Cyril of Jerusalem, Gregory Nazianzus

Augustine – Expositions on Psalms

Basil of Caesarea – Letters & Select Works

Chrysostom – On the Priesthood and Other Works  

Hilary of Poitiers and John of Damascus

Ambrose:  Select Works & Letters 

Chrysostom:  Homilies on Acts and Romans        

Chrysostom:  Homilies on I & II Corinthians

Leo the Great & Gregory the Great

Gregory, Ephrem Syrus, and Aphrahat

Chrysostom:  Homilies on Galatians, Ephesians, Philippians, Colossians, Thessalonians, Timothy, Titus, and Philemon

Chrysostom – Homilies on John and Hebrews

Seven Ecumenical Councils

New Advent's Collection (Fathers of the Church)

Thursday, December 22, 2022

Glitches in Christ's Genealogy

          The genealogy of Jesus Christ, which appears in Matthew 1:1-17 and the genealogy of Jesus Christ which appears in Luke 3:23-38, may both be skipped by casual Bible-readers, but they are both interesting passages to both the textual critic and the Christian apologist.  Today, let’s look at some of the ways in which copyists treated – and mistreated – parts of these two portions of Scripture.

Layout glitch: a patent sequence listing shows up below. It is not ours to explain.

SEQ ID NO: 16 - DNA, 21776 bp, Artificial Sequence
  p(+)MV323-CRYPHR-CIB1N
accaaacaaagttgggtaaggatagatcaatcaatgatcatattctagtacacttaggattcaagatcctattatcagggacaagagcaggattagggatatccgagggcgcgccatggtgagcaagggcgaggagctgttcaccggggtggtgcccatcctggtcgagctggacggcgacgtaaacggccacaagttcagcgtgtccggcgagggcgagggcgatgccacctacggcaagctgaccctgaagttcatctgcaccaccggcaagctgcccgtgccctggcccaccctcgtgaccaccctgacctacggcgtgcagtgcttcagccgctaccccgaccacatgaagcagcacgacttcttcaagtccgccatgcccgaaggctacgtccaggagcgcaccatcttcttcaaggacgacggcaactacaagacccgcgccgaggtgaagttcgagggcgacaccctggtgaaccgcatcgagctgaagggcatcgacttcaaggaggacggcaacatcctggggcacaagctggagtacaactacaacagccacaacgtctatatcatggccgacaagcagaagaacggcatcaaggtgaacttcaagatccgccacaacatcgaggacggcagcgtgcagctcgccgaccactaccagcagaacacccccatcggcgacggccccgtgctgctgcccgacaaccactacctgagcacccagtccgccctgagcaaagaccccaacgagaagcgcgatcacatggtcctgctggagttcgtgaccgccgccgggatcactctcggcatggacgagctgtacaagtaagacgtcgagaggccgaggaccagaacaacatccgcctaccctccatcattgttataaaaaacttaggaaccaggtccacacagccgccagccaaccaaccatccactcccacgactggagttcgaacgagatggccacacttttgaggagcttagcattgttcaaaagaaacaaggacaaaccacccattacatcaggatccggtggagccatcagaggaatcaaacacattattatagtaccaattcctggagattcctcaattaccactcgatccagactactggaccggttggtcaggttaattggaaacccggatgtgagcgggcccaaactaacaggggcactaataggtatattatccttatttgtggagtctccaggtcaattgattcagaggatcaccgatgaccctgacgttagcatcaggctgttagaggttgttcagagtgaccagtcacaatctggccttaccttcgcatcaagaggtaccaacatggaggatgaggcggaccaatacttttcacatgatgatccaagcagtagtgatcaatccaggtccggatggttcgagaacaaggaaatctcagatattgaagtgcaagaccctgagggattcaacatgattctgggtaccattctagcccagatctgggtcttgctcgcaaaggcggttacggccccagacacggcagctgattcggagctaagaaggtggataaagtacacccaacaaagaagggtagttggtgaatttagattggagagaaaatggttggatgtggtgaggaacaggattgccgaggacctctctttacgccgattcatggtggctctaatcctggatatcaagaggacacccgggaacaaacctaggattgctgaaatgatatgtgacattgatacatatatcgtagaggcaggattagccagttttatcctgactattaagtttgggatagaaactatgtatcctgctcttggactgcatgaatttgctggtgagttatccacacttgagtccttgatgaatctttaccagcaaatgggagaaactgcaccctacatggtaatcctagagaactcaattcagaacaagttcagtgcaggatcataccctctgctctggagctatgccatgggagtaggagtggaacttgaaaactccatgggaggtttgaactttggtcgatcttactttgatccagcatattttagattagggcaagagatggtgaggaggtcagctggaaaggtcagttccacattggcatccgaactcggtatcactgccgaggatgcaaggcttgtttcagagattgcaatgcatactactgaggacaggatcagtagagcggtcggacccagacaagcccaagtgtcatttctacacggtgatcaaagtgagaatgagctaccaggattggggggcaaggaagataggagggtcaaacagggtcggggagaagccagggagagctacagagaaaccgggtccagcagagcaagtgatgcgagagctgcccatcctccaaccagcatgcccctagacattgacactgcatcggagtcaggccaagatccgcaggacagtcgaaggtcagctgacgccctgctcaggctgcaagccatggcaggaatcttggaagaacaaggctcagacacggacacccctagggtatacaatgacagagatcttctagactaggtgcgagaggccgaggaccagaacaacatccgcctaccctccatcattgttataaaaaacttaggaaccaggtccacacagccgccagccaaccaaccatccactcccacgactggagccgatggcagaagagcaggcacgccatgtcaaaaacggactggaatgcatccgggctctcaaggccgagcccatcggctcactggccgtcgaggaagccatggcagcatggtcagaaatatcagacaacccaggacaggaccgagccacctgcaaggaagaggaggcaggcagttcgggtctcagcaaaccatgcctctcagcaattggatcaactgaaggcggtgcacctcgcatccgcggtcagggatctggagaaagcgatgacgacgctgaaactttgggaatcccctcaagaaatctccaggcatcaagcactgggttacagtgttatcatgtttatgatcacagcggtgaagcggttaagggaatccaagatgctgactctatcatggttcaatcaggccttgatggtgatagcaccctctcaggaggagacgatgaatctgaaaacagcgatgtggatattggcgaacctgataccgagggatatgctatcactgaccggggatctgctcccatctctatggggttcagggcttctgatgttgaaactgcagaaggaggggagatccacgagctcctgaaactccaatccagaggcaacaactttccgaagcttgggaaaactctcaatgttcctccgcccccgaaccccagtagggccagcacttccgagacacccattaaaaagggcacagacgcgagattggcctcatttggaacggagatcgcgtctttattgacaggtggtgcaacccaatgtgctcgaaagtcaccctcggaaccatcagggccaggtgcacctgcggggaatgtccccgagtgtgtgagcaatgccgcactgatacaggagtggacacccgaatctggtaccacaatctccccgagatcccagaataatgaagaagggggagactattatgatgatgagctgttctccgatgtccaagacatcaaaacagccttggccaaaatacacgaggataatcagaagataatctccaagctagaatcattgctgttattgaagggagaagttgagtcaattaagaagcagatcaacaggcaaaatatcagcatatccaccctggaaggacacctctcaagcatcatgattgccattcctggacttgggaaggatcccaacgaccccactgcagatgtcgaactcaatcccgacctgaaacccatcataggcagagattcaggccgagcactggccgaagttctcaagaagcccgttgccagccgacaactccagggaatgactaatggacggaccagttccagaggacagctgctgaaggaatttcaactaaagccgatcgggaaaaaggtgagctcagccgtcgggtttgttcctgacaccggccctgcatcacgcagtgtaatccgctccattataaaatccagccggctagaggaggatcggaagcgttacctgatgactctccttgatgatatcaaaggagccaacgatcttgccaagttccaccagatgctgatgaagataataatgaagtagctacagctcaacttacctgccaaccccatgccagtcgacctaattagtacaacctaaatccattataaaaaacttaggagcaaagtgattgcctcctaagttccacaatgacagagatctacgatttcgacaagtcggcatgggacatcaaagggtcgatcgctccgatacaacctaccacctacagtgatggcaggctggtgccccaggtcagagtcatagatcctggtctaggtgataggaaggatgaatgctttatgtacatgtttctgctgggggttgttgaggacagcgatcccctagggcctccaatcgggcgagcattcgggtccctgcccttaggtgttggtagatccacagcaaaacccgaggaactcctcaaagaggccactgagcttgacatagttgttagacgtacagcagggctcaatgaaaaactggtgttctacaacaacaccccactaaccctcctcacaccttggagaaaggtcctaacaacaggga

Perhaps the most famous variations within the genealogy in Matthew appear at the end of verse 7 and in verse 10.  These were the first two variant-units to be commented upon by the late Bruce Metzger in his Textual Commentary on the Greek New Testament.  The Alexandrian text reads Ἀσάφ instead of the Byzantine Ἀσὰ in verse 7, and it reads Ἀμώς instead of Ἀμών in verse 10.    Neither Asaph the psalmist nor Amos the prophet was ever a king of Judah, so the presence of their names in the genealogy is surprising.  If the canon prefer the more difficult reading is applied, in both cases the Alexandrian reading will be adopted.  This was the course taken by Elijah Hixson in 2019, and it has been for over a century the usual decision.   (Hixson briefly described the main external evidence, so in the interest of brevity I will not review that here.)